Absolutely this is the case and your model code reflects this structure and would even account for the possibility of a student who being observed in more than 1 school.

I am trying to determine whether there is a difference in time spent physically active at the second time point between the intervention and control groups.

This is going to require a little bit of work to answer. Your current model with an intervention * wave interaction is a start, but will give you different information. First, let me suggest that you recode wave 1 to be 0 and wave 2 to be 1. These models make more sense when categorical variables have a valid 0 variable. This is easily done in dplyr:

library(dplyr)
activity_data <- activity_data %>% recode(wave, 1 = 0L, 2 = 1L)


Once you do this, your intervention * wave interaction will test whether the intervention effect is greater at wave 2 vs wave 1. But what you want to know is whether the intervention effect is significant at wave 2 itself, not whether it is greater at wave 2 relative to wave 1.

For that, you have multiple options. Perhaps the simplest is to run the pairwise comparisons after you have run the model:

library(emmeans)
#graph
emmip(lmer_fit, type ~ intervention | wave)
#tests
emmeans(lmer_fit, pairwise ~ intervention)


This code should work, but might have to be massaged a bit.

• Thanks @Erik. I wasn't aware of the emmeans package but it does seem a nice option to answer my question. From your answer, if I am not really interested in whether the intervention effect is greater at wave 1 vs. wave 0 should I simply adjust for wave as a covariate in my lmer model – intervention + wave – as opposed to an interaction intervention * wave? Would this affect the subsequent coding of the emmeans analysis?
– Paul
Apr 10 '20 at 14:24
• I think you are interested in the interaction of wave and intervention, specifically you want to know whether the intervention effect is present in wave 2. That requires two variables to determine, hence the interaction is necessary. Apr 10 '20 at 16:08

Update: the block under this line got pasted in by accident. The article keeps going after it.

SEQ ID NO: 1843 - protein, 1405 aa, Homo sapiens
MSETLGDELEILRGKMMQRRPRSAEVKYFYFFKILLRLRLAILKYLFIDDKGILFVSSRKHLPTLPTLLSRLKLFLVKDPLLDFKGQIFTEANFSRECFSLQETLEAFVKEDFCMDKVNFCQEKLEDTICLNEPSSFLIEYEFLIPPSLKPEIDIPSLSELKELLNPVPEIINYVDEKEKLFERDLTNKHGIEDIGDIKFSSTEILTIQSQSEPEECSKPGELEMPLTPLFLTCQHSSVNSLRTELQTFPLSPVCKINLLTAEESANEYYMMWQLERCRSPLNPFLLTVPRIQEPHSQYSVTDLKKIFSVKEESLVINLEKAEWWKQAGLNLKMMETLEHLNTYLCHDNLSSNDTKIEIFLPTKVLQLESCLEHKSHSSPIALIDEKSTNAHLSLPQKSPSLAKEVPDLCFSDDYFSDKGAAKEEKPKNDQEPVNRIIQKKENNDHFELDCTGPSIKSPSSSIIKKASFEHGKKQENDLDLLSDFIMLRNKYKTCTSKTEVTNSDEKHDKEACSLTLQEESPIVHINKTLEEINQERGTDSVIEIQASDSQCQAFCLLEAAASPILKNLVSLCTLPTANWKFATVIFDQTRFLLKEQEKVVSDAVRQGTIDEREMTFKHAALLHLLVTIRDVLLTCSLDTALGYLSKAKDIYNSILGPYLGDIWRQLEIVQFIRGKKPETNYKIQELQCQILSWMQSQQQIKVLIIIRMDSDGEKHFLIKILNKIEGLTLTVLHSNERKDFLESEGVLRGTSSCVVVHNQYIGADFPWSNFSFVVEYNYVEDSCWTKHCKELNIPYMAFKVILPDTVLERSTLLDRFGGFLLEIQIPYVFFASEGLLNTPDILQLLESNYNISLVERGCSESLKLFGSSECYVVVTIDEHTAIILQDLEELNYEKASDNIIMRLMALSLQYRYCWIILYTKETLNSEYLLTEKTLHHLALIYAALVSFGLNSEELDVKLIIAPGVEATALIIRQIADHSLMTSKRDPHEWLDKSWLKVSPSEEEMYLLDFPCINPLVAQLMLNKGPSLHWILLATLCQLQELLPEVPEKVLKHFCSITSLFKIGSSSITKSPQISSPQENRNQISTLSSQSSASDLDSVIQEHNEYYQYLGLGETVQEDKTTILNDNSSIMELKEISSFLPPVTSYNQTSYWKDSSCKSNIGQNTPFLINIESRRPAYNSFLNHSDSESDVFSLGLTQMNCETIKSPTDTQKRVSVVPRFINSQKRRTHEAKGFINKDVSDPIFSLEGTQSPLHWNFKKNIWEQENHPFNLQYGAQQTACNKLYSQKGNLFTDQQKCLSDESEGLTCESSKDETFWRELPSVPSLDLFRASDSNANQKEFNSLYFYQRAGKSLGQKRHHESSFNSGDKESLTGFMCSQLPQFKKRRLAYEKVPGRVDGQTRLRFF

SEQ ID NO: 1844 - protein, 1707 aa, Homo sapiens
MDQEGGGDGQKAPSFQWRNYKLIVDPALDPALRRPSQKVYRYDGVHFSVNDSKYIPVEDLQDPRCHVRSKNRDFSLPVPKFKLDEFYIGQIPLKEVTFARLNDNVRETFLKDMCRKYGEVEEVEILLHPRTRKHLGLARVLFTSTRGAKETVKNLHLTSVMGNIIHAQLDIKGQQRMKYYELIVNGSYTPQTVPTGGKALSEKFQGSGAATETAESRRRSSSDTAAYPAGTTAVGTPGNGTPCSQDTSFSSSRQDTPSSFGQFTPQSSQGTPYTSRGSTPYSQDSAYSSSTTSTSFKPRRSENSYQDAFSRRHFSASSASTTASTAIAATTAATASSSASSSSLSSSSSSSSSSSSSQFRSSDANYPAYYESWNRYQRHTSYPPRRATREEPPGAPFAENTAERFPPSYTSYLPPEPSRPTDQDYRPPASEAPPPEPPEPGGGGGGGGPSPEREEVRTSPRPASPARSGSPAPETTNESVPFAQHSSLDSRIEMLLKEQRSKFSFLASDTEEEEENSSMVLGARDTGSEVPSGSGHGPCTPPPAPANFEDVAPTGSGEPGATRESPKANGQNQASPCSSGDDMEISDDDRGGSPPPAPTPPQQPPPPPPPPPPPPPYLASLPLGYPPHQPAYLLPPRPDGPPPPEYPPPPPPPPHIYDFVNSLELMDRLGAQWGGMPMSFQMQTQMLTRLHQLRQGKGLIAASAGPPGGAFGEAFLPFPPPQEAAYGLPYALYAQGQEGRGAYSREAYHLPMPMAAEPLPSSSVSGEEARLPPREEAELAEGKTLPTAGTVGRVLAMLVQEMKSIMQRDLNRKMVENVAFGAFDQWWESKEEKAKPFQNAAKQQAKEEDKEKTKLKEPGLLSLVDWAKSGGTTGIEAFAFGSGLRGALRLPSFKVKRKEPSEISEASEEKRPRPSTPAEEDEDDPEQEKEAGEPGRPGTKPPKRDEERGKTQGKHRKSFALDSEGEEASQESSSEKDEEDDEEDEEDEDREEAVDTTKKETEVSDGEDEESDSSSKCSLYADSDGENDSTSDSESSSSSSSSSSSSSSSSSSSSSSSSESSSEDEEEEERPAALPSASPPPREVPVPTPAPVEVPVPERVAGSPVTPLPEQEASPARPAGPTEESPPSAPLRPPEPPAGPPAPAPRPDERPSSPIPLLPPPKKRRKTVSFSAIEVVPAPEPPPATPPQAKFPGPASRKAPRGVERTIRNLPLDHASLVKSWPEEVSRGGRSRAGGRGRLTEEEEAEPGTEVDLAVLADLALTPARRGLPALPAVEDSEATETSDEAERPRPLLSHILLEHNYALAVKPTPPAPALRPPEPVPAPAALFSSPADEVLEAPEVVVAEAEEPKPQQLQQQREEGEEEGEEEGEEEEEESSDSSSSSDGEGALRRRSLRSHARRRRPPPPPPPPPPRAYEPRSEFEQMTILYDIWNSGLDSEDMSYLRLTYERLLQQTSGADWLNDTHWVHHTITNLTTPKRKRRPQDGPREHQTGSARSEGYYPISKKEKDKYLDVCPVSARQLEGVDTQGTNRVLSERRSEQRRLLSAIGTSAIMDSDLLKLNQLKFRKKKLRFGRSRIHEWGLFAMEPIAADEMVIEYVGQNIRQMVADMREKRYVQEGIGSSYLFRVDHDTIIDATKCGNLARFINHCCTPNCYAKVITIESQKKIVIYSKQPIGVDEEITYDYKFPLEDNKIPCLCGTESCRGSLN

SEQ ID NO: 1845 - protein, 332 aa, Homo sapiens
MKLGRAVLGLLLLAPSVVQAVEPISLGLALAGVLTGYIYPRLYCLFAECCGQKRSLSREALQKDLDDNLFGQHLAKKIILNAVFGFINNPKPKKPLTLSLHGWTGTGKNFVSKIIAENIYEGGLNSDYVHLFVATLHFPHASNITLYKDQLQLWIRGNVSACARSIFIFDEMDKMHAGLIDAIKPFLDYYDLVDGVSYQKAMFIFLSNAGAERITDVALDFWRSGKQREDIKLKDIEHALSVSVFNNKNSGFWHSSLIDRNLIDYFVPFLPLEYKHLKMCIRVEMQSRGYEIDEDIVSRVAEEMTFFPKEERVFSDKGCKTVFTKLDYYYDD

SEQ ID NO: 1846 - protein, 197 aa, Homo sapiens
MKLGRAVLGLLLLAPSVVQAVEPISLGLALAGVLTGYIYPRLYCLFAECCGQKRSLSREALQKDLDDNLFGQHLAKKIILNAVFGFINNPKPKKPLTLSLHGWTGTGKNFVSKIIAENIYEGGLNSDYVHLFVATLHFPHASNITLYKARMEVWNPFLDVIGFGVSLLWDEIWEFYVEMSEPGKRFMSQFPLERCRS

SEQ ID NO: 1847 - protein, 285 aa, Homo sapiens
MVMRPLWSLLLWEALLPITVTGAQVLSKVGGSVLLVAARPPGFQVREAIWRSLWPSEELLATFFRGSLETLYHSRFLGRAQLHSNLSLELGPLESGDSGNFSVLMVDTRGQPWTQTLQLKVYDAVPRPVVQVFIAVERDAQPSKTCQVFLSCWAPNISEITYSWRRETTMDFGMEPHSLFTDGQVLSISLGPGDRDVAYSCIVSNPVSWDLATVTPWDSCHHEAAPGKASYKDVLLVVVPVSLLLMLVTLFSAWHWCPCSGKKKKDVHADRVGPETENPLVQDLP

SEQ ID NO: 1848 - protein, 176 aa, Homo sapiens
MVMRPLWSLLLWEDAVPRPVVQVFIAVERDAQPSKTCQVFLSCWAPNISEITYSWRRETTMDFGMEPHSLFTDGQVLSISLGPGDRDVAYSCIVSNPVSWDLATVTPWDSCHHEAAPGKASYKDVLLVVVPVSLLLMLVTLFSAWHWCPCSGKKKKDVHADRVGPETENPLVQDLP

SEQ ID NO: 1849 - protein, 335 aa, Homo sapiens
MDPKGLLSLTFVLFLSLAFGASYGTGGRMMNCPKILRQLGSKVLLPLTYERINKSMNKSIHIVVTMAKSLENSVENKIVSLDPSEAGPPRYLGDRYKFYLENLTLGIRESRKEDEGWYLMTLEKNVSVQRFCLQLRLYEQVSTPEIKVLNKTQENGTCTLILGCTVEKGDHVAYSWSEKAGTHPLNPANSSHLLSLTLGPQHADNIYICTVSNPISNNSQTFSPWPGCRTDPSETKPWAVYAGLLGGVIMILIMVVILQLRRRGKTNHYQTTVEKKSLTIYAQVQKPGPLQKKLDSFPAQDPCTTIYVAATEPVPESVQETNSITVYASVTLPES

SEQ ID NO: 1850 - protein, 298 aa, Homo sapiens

• @Paul to put it to you a little differently, if you subsetted your data to just wave 2, you could run your regression model with intervention as a predictor and this would test the treatment-control difference on your outcome at wave==2.. But notice that we do that by conditioning on wave. So any way you slice it, you need both variables to identify your effect of interest, which is why you need an interaction or you need to subset the data. Apr 10 '20 at 18:12
• Thanks @Erik. That makes sense to me. I've just edited my question with a solution based on your suggestion to use emmeans and think I have understood the theory.
– Paul
Apr 10 '20 at 18:25
• That's right. If I run a simple OLS of minutes_active ~ intervention * wave and then perform the emmean contrast, the means used are exactly the same as if I subset the data frame by wave and intervention and calculate the mean() in the standard way. I therefore assume this holds for doing the same with the lmer model. Thanks for all your help.
– Paul
Apr 10 '20 at 18:43

I'm guessing what you want to do then is perform a test to find out if there is a statistical difference between the two groups, correct?

You probably want to make sure you try different model specifications - look at section 4.4: http://sia.webpopix.org/lme.html. It is appropriate to include monitor_wear_time as a covariate as you did. You might want to plot that covariate according to the treatment variable and according to the target variable - this will give you an idea of how likely it is to be correlated with the respective variables.

Regarding the hypothesis testing, if you only have 30 schools you may run into problems of sample size and degrees of freedom (the latter depending on the model specification you opt for in the first place). Maybe this can help: https://www.ssc.wisc.edu/sscc/pubs/MM/MM_TestEffects.html

In the end something like a Wald test or likelihood ratio should be satisfactory but tough to say without looking at it in more detail.

I believe mixed models can help with your setup but it's not the only one, however! Have you thought at whether looking into a simple paired t-test could yield any insight? Paired t-test as a special case of linear mixed-effect modeling